image.plot(vmax=PLOT_VALUE_MAX, fig=fig, ax=ax)
plt.title(name)  # Maybe add a Name in SkyImage.plots?


As you can see in the implementation of CWT above, it has the parameter keep_history. If you set to it True-value, it means that CWT would save all the images from iterations. Algorithm keeps images of only last CWT start. Let’s do this in the demonstration.

In [12]:

history = cwt.history
print(
"Number of iterations: {0}".format(len(history) - 1)
)  # -1 because CWT save start images too

Number of iterations: 10


Let’s have a look, what’s happening with images after the first iteration.

In [13]:

N_ITER = 1
assert 0 < N_ITER < len(history)
data_iter = history[N_ITER]

fig = plt.figure(figsize=FIG_SIZE)
images_iter = data_iter.images()
for index, (name, image) in enumerate(images_iter.items()):
len(images_iter), 2, index + 1, projection=image.geom.wcs
)
image.plot(vmax=PLOT_VALUE_MAX, fig=fig, ax=ax)
plt.title(name)  # Maybe add a Name in SkyImage.plots?


You can get the information about the one particular image in that way:

In [14]:

print(data_iter.image_info(name="approx_bkg"))

 Metrics          Source
---------- --------------------
Name           approx_bkg
Shape             2D image
Variance   0.0800090238572501
Mean   0.4230576474671889
Max value    1.216320738970982
Min value 0.032279497204102725
Sum values    8461.152949343777


You can also get the information about cubes. Or information about all the data.

In [15]:

print(data_iter.cube_info(name="support", per_scale=True))

Scale power  Metrics          Source
----------- ---------- -------------------
1       Name             support
--      Shape            2D image
--   Variance 0.10030838999999998
--       Mean              0.1131
--  Max value                True
--  Min value               False
-- Sum values                2262
2       Name             support
--      Shape            2D image
--   Variance 0.12255100000000002
--       Mean               0.143
--  Max value                True
--  Min value               False
-- Sum values                2860

In [16]:

print(data_iter.cube_info(name="support", per_scale=False))

 Metrics          Source
---------- -------------------
Name             support
Shape             3D cube
Variance 0.11165319750000001
Mean             0.12805
Max value                True
Min value               False
Sum values                5122


Also you can see the difference betwen the iterations in that way:

In [17]:

history = cwt.history  # get list of 'CWTData' objects
difference = (
history[1] - history[0]
)  # get new CWTData obj, let's work with them

In [18]:

print(difference.cube_info("support"))

 Metrics          Source
---------- -------------------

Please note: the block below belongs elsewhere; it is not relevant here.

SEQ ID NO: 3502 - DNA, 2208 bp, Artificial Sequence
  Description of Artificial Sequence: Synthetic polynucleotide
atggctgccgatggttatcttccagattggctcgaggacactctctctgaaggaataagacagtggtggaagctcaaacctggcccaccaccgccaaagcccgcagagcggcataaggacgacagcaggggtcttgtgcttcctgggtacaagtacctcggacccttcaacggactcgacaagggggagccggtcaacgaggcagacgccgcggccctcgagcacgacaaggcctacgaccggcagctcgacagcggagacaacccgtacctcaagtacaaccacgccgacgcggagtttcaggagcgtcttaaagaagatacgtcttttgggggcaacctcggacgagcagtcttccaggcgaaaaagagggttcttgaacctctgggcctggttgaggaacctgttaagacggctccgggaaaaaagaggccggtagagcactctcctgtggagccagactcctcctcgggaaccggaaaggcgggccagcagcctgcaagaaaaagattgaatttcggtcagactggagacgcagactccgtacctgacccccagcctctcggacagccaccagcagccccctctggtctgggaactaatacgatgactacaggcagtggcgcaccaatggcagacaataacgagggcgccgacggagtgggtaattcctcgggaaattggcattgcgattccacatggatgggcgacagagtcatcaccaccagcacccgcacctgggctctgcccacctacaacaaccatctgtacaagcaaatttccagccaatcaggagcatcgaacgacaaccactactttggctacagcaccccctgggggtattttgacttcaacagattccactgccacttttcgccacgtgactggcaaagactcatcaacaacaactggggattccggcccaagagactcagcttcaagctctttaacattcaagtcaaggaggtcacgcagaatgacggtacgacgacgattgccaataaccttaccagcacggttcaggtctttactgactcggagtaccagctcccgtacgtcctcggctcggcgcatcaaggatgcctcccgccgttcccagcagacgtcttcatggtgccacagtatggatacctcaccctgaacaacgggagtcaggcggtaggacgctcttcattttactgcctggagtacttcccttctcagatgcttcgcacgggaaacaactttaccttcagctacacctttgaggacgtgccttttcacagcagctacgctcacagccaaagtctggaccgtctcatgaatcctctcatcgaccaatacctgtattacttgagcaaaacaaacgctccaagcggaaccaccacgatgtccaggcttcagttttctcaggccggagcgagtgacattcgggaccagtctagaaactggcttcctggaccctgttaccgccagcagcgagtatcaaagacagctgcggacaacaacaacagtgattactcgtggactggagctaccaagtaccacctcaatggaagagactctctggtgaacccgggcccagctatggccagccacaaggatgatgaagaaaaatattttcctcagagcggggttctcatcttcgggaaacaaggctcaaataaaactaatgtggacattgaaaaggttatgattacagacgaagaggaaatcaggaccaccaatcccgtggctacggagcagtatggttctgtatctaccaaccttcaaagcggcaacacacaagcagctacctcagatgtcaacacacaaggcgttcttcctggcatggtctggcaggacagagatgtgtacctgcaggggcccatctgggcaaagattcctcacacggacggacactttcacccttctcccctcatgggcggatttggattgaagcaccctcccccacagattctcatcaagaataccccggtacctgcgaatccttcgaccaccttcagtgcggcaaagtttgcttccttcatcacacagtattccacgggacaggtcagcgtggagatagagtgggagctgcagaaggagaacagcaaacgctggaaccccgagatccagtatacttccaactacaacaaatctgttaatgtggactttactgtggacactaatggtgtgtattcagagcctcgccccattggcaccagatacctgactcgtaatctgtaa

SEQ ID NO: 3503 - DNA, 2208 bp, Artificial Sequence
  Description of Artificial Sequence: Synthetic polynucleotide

Name             support
Shape             3D cube
Variance 0.11165319750000001
Mean             0.12805
Max value                True
Min value               False
Sum values                5122

In [19]:

difference.info_table.show_in_notebook()

Out[19]:

Table length=13
idxNameShapeVarianceMeanMax valueMin valueSum values
0counts2D image0.66721419750.4444524.00.08889.0
1background2D image0.16522025351138420.453299561273412373.91485793084037150.093821701373177619065.991225468248
2model2D image2.4686984587806907e-060.0004556764061886410.0154327993376764880.09.11352812377282
3approx2D image0.004022666598226336-0.008046110167776410.2713385823751633-0.2517653841639436-160.92220335552818
4approx_bkg2D image0.08000902385725010.42305764746718891.2163207389709820.0322794972041027258461.152949343777
5transform_2d2D image2.4686984587806907e-060.0004556764061886410.0154327993376764880.09.11352812377282
6model_plus_approx2D image0.004115467027140748-0.0075904337615877690.28513324259070433-0.2517653841639436-151.8086752317554
7residual2D image0.666300092318290.452040433761587823.943554761680172-0.283584814746093769040.808675231756
8maximal2D image1.2706495970464085e-060.00034396466393524450.0111684652858454630.06.87929327870489
9support_2d2D image0.139443750000000030.16751.00.03350.0
10transform_3d3D cube1.5198680587581294e-065.318961505149442e-060.011168465285845463-0.008590491273854370.2127584602059777
11error3D cube4.4263978237355114e-080.000377883070469780.00119109721270137926.826532887607761e-0515.1153228187912
12support3D cube0.111653197500000010.128051.00.05122.0
In [20]:

fig = plt.figure(figsize=FIG_SIZE)
images_diff = difference.images()
for index, (name, image) in enumerate(images_diff.items()):
len(images_diff), 2, index + 1, projection=image.geom.wcs
)
image.plot(vmax=PLOT_VALUE_MAX, fig=fig, ax=ax)
plt.title(name)  # Maybe add a Name in SkyImage.plots?


You can save the results if you want

In [21]:

# cwt_data.write('test-cwt.fits', True)